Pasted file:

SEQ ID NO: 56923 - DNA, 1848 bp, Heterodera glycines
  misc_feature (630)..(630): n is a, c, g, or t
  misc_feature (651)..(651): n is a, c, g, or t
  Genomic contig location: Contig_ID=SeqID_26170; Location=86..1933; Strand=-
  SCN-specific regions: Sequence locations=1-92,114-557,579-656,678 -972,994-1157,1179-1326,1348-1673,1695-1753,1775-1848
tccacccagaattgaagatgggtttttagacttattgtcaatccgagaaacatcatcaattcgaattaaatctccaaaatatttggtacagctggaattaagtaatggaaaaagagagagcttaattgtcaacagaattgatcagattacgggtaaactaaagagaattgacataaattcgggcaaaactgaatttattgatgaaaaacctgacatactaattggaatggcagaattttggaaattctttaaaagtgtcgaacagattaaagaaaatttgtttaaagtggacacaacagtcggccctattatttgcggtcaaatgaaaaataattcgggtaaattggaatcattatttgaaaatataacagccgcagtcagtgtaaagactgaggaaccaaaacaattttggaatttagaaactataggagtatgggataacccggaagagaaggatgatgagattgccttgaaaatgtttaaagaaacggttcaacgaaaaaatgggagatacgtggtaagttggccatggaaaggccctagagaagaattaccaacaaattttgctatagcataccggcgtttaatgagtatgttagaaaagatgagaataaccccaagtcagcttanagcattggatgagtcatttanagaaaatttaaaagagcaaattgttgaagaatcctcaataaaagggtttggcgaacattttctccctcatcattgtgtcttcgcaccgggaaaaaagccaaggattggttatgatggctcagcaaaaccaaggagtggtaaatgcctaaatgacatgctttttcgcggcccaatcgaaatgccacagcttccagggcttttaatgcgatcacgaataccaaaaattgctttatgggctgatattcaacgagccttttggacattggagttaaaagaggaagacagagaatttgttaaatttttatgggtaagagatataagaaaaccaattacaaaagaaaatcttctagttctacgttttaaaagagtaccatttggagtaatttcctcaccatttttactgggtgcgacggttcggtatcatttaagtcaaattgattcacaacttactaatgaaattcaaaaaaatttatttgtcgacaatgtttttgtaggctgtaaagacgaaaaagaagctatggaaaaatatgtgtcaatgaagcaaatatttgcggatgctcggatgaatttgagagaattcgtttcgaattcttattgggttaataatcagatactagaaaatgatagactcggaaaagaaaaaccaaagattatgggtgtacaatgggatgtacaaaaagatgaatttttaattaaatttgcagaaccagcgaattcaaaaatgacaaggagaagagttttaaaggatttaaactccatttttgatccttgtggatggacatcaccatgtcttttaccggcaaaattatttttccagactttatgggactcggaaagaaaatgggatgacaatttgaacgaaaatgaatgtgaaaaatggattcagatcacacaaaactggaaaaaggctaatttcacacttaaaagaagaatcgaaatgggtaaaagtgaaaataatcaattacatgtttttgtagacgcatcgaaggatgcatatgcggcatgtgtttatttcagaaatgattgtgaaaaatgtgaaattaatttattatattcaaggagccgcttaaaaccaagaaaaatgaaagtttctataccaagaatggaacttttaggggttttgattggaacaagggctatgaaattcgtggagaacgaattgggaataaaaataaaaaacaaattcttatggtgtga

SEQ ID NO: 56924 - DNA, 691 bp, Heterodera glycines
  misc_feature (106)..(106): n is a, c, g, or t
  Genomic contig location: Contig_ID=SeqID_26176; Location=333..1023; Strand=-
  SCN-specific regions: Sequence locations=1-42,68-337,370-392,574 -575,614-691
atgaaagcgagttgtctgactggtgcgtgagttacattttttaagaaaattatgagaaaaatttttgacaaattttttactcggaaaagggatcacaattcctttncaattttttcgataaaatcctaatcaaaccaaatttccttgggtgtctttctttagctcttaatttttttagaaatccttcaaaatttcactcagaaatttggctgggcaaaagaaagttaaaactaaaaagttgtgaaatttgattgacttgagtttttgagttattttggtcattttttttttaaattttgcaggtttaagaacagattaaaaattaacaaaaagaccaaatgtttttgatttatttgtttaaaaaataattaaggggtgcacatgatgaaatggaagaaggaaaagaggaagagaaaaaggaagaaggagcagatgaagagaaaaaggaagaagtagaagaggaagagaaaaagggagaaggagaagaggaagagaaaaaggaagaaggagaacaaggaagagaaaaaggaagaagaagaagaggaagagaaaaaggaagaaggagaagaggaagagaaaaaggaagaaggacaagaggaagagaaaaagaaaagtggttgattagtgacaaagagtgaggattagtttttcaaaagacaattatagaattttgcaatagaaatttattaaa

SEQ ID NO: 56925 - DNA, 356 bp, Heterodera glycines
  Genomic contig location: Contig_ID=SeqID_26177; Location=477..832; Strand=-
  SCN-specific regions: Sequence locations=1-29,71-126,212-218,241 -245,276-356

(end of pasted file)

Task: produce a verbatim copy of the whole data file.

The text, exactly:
SEQ ID NO: 56923 - DNA, 1848 bp, Heterodera glycines
  misc_feature (630)..(630): n is a, c, g, or t
  misc_feature (651)..(651): n is a, c, g, or t
  Genomic contig location: Contig_ID=SeqID_26170; Location=86..1933; Strand=-
  SCN-specific regions: Sequence locations=1-92,114-557,579-656,678 -972,994-1157,1179-1326,1348-1673,1695-1753,1775-1848
tccacccagaattgaagatgggtttttagacttattgtcaatccgagaaacatcatcaattcgaattaaatctccaaaatatttggtacagctggaattaagtaatggaaaaagagagagcttaattgtcaacagaattgatcagattacgggtaaactaaagagaattgacataaattcgggcaaaactgaatttattgatgaaaaacctgacatactaattggaatggcagaattttggaaattctttaaaagtgtcgaacagattaaagaaaatttgtttaaagtggacacaacagtcggccctattatttgcggtcaaatgaaaaataattcgggtaaattggaatcattatttgaaaatataacagccgcagtcagtgtaaagactgaggaaccaaaacaattttggaatttagaaactataggagtatgggataacccggaagagaaggatgatgagattgccttgaaaatgtttaaagaaacggttcaacgaaaaaatgggagatacgtggtaagttggccatggaaaggccctagagaagaattaccaacaaattttgctatagcataccggcgtttaatgagtatgttagaaaagatgagaataaccccaagtcagcttanagcattggatgagtcatttanagaaaatttaaaagagcaaattgttgaagaatcctcaataaaagggtttggcgaacattttctccctcatcattgtgtcttcgcaccgggaaaaaagccaaggattggttatgatggctcagcaaaaccaaggagtggtaaatgcctaaatgacatgctttttcgcggcccaatcgaaatgccacagcttccagggcttttaatgcgatcacgaataccaaaaattgctttatgggctgatattcaacgagccttttggacattggagttaaaagaggaagacagagaatttgttaaatttttatgggtaagagatataagaaaaccaattacaaaagaaaatcttctagttctacgttttaaaagagtaccatttggagtaatttcctcaccatttttactgggtgcgacggttcggtatcatttaagtcaaattgattcacaacttactaatgaaattcaaaaaaatttatttgtcgacaatgtttttgtaggctgtaaagacgaaaaagaagctatggaaaaatatgtgtcaatgaagcaaatatttgcggatgctcggatgaatttgagagaattcgtttcgaattcttattgggttaataatcagatactagaaaatgatagactcggaaaagaaaaaccaaagattatgggtgtacaatgggatgtacaaaaagatgaatttttaattaaatttgcagaaccagcgaattcaaaaatgacaaggagaagagttttaaaggatttaaactccatttttgatccttgtggatggacatcaccatgtcttttaccggcaaaattatttttccagactttatgggactcggaaagaaaatgggatgacaatttgaacgaaaatgaatgtgaaaaatggattcagatcacacaaaactggaaaaaggctaatttcacacttaaaagaagaatcgaaatgggtaaaagtgaaaataatcaattacatgtttttgtagacgcatcgaaggatgcatatgcggcatgtgtttatttcagaaatgattgtgaaaaatgtgaaattaatttattatattcaaggagccgcttaaaaccaagaaaaatgaaagtttctataccaagaatggaacttttaggggttttgattggaacaagggctatgaaattcgtggagaacgaattgggaataaaaataaaaaacaaattcttatggtgtga

SEQ ID NO: 56924 - DNA, 691 bp, Heterodera glycines
  misc_feature (106)..(106): n is a, c, g, or t
  Genomic contig location: Contig_ID=SeqID_26176; Location=333..1023; Strand=-
  SCN-specific regions: Sequence locations=1-42,68-337,370-392,574 -575,614-691
atgaaagcgagttgtctgactggtgcgtgagttacattttttaagaaaattatgagaaaaatttttgacaaattttttactcggaaaagggatcacaattcctttncaattttttcgataaaatcctaatcaaaccaaatttccttgggtgtctttctttagctcttaatttttttagaaatccttcaaaatttcactcagaaatttggctgggcaaaagaaagttaaaactaaaaagttgtgaaatttgattgacttgagtttttgagttattttggtcattttttttttaaattttgcaggtttaagaacagattaaaaattaacaaaaagaccaaatgtttttgatttatttgtttaaaaaataattaaggggtgcacatgatgaaatggaagaaggaaaagaggaagagaaaaaggaagaaggagcagatgaagagaaaaaggaagaagtagaagaggaagagaaaaagggagaaggagaagaggaagagaaaaaggaagaaggagaacaaggaagagaaaaaggaagaagaagaagaggaagagaaaaaggaagaaggagaagaggaagagaaaaaggaagaaggacaagaggaagagaaaaagaaaagtggttgattagtgacaaagagtgaggattagtttttcaaaagacaattatagaattttgcaatagaaatttattaaa

SEQ ID NO: 56925 - DNA, 356 bp, Heterodera glycines
  Genomic contig location: Contig_ID=SeqID_26177; Location=477..832; Strand=-
  SCN-specific regions: Sequence locations=1-29,71-126,212-218,241 -245,276-356